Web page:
Over the years I have found new viewpoints from which to make sense of the world, fashioned new prisms of perspective from fragments of the old one melded together with fresh ideas and challenging concepts. This process has taken me to many places, both literally and metaphorically. I have lived and worked in Holland, Mexico, Thailand, Saudi Arabia, Oman and Spain. I’ve explored deserts and jungles, coasts and mountains, ancient ruins and purpose-built training centres and experienced silent retreats and sprawling mega-cities. I’ve utilised psychedelic experiences, a wide range of meditation techniques and had a lucid dreaming practice. During my work and travels I’ve also become multi-lingual .
And yet I remained dogged with many of the negative patterns acquired by age 14, and others picked up in early adulthood. The goblins and gremlins of my mind, although less unruly than they had been in my youth, still had the power to ambush me and sabotage my attempts at transformation.
Life, work, marriage and fatherhood kept me busy and distracted, but the breakdown of my marriage in my early forties led to a new period of re-evaluation. This time It was different; I had role-models, I was worldly-wise, and I had a substantial toolbox of psychological and spiritual techniques that I had researched and developed over the years. But as always, life kept getting in the way of my growth, demands on my time and energy coming from multiple sources. It wasn’t until my late forties when I returned to my home city (only a mile from where I had grown up and my father had died) and my teenage daughter came to live with me that I felt I had the time and the mental and emotional space to utilise the appropriate resources and truly change the deeply set patterns that kept reiterating in my life.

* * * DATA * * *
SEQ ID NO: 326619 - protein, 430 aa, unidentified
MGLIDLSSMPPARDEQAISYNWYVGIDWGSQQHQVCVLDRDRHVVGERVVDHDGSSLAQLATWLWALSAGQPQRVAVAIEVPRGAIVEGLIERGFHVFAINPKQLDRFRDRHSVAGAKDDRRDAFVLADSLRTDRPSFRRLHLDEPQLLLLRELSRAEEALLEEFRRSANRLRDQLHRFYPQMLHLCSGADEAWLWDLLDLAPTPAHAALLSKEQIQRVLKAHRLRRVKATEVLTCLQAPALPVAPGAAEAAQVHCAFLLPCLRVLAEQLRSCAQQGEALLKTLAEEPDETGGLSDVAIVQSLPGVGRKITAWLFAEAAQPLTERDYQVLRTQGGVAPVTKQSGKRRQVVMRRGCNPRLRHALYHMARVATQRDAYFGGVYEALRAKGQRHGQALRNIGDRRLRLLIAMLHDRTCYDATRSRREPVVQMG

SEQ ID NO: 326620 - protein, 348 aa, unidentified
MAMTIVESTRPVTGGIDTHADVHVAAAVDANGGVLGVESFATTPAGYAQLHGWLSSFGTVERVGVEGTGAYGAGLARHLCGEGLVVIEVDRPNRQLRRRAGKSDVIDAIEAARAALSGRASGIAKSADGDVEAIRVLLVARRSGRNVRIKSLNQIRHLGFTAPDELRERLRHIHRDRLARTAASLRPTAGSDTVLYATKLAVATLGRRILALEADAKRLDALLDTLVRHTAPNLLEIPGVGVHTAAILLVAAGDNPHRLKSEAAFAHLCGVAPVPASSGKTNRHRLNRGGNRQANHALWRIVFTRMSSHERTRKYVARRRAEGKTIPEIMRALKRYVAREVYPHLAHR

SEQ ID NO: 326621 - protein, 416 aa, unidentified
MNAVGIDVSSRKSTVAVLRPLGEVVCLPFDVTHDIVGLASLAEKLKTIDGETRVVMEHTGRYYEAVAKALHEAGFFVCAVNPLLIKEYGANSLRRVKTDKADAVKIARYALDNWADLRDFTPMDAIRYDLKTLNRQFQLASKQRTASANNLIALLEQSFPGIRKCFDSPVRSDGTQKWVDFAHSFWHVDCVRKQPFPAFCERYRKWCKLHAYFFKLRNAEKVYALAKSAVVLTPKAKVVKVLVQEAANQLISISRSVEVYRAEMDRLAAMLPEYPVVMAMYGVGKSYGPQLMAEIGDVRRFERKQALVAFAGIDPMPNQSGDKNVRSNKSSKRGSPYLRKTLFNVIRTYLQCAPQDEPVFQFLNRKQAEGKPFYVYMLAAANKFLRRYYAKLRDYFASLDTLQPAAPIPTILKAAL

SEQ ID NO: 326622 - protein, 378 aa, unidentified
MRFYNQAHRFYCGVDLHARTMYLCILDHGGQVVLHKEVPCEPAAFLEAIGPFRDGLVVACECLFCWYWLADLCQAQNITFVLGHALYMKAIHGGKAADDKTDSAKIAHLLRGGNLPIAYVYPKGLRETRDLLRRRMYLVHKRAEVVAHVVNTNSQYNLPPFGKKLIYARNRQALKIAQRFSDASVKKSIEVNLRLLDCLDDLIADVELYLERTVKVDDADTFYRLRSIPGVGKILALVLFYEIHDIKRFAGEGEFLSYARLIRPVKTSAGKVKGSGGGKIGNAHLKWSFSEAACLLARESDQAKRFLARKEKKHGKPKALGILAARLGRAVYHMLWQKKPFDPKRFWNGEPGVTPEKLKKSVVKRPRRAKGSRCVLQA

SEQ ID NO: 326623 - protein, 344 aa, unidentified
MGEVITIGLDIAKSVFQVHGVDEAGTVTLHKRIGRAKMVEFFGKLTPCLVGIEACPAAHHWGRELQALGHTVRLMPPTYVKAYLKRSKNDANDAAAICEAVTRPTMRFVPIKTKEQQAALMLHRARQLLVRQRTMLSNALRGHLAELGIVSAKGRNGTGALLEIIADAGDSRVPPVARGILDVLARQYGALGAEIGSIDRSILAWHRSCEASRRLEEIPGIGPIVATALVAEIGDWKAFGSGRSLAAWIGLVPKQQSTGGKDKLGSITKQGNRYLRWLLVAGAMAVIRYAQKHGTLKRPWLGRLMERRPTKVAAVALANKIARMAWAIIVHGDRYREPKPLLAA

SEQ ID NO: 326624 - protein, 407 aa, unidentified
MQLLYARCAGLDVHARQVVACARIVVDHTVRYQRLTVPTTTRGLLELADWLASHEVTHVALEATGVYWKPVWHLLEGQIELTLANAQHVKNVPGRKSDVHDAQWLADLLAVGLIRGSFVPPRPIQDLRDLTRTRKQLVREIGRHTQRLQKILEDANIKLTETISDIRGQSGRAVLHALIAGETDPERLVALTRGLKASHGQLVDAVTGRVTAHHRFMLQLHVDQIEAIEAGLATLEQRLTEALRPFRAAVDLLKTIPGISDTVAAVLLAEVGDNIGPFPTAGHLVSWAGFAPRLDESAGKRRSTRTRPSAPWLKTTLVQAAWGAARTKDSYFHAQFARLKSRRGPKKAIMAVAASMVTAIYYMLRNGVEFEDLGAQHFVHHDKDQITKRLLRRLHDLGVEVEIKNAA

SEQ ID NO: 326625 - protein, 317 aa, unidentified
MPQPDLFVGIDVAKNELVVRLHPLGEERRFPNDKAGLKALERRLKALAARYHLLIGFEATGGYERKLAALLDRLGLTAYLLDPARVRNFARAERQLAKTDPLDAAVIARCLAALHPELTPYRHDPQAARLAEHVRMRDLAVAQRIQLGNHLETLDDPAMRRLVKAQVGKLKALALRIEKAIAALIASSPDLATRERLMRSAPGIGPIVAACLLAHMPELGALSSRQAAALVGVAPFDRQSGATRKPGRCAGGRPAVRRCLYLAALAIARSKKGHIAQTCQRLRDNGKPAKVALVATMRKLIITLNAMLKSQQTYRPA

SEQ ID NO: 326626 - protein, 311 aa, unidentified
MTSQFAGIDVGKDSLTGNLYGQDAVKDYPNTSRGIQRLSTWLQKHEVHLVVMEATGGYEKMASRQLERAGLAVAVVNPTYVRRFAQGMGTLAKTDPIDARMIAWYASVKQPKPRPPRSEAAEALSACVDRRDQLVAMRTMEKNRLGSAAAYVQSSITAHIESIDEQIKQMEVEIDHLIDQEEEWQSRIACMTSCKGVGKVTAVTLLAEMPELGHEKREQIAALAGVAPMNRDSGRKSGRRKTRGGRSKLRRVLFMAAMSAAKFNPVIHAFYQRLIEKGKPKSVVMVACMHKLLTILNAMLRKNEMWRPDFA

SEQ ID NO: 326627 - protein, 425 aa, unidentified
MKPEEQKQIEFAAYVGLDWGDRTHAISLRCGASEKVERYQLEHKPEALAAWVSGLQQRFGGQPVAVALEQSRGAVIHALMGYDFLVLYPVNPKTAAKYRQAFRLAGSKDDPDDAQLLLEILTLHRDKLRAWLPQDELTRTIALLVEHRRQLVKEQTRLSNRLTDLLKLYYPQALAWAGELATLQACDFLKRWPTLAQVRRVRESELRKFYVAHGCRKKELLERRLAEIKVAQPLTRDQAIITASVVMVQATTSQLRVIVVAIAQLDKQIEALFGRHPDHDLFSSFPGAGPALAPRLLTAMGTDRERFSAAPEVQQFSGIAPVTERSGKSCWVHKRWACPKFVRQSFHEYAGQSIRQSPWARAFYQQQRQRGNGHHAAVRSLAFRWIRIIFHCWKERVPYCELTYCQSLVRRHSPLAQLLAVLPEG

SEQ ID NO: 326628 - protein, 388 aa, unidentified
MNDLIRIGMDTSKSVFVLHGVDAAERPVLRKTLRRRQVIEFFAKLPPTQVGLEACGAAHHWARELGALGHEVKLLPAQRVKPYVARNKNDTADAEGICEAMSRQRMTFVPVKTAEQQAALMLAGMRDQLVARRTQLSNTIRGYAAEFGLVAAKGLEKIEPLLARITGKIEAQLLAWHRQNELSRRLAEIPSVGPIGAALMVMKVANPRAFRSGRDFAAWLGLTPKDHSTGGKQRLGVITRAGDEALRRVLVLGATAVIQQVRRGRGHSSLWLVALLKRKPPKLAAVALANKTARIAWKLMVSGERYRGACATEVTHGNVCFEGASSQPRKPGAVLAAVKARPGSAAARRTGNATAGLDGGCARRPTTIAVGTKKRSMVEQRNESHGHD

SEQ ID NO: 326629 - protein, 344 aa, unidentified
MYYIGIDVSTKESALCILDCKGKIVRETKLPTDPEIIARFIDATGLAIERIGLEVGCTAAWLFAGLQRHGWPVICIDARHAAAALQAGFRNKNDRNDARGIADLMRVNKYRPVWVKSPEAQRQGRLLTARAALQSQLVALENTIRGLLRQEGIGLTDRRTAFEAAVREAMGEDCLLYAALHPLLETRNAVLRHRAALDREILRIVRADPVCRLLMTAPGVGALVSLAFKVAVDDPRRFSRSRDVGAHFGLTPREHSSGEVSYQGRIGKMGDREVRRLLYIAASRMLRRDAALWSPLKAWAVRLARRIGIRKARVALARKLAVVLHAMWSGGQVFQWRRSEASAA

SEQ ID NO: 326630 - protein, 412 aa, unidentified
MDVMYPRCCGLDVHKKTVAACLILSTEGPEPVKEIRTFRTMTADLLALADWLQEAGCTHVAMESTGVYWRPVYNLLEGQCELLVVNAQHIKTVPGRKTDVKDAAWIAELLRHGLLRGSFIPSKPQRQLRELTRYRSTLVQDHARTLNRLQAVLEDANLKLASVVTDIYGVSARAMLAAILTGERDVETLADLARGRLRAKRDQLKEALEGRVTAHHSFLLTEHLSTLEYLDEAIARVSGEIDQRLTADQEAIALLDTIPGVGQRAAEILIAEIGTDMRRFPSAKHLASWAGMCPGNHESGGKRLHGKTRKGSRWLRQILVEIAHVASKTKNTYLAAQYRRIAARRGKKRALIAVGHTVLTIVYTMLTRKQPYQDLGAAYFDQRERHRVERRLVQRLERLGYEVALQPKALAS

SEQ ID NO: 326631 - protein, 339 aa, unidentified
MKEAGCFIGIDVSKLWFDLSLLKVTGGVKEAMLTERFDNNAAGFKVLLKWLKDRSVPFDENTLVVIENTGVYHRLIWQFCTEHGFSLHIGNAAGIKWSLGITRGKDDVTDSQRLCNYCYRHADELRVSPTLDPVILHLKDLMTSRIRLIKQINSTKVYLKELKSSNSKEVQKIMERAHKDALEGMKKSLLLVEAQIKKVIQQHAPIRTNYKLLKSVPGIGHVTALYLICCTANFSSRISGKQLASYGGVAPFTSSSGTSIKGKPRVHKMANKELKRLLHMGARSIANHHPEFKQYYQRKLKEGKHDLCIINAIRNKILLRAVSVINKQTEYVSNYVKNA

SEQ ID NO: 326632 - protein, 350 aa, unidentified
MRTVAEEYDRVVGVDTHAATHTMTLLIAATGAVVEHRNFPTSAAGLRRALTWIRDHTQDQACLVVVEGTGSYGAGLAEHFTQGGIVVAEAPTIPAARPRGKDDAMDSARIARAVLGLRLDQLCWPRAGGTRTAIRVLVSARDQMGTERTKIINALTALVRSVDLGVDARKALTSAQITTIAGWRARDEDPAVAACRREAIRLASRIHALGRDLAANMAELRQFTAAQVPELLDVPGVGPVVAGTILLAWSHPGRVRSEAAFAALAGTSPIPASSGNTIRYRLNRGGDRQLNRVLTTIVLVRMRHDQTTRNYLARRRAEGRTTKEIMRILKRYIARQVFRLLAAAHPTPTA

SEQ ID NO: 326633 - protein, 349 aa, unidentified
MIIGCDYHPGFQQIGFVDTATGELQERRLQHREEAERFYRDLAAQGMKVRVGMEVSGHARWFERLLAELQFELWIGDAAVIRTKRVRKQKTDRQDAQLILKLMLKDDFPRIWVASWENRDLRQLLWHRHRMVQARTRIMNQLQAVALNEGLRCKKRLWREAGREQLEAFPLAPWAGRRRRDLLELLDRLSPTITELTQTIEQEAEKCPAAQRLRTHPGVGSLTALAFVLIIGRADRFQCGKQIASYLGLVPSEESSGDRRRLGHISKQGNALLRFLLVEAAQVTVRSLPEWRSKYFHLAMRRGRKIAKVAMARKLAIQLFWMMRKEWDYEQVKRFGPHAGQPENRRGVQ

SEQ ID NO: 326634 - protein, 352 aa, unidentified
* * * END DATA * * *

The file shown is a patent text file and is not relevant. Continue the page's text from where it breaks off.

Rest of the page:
By this time I had considerable life experience. I’d been married and divorced, I was a father, I’d spent almost two decades teaching all over the world, I’d mastered languages, I was an experienced meditator, had had an effective lucid dreaming practice, and had examined my life in counselling. And yet the unsystematic nature of my approach meant that, although my life was better in many ways, certain patterns in my life, most particularly the anger that I had internalised from my childhood, kept resurfacing. With a new job, new house, and becoming primary carer for my daughter, my life was radically shifting anyway so I decided it was a good time to start a new line of self-inquiry.
Starting with a reinvigorated meditation practice and a gratitude journal, I made a conscious effort to focus on the positive aspects of my life, of which there were many. Very quickly, I found that my mood and general attitude improving. Building on this positive momentum, I faced and examined the repeating patterns in my life in a systematic manner and found that once I came to know them, it was much easier to change them. By identifying, detailing and analysing them in journal form, I could clearly see what aspects of my life were holding me back, and also to reimagine how I wanted my new life to be. I drew on my experience of creative visualisations and the tools I had gathered to Imagine the New Man that I wanted to become. A New Man who straddled a liminal space between imagination and reality, an embryonic New Man waiting to be given form through my own intent and action. The Toolkit that I used, acquired from a variety of sources and refined over many years, and that I know from personal experience to be effective, is what I offer to you now to help fashion your own New Man or New Woman.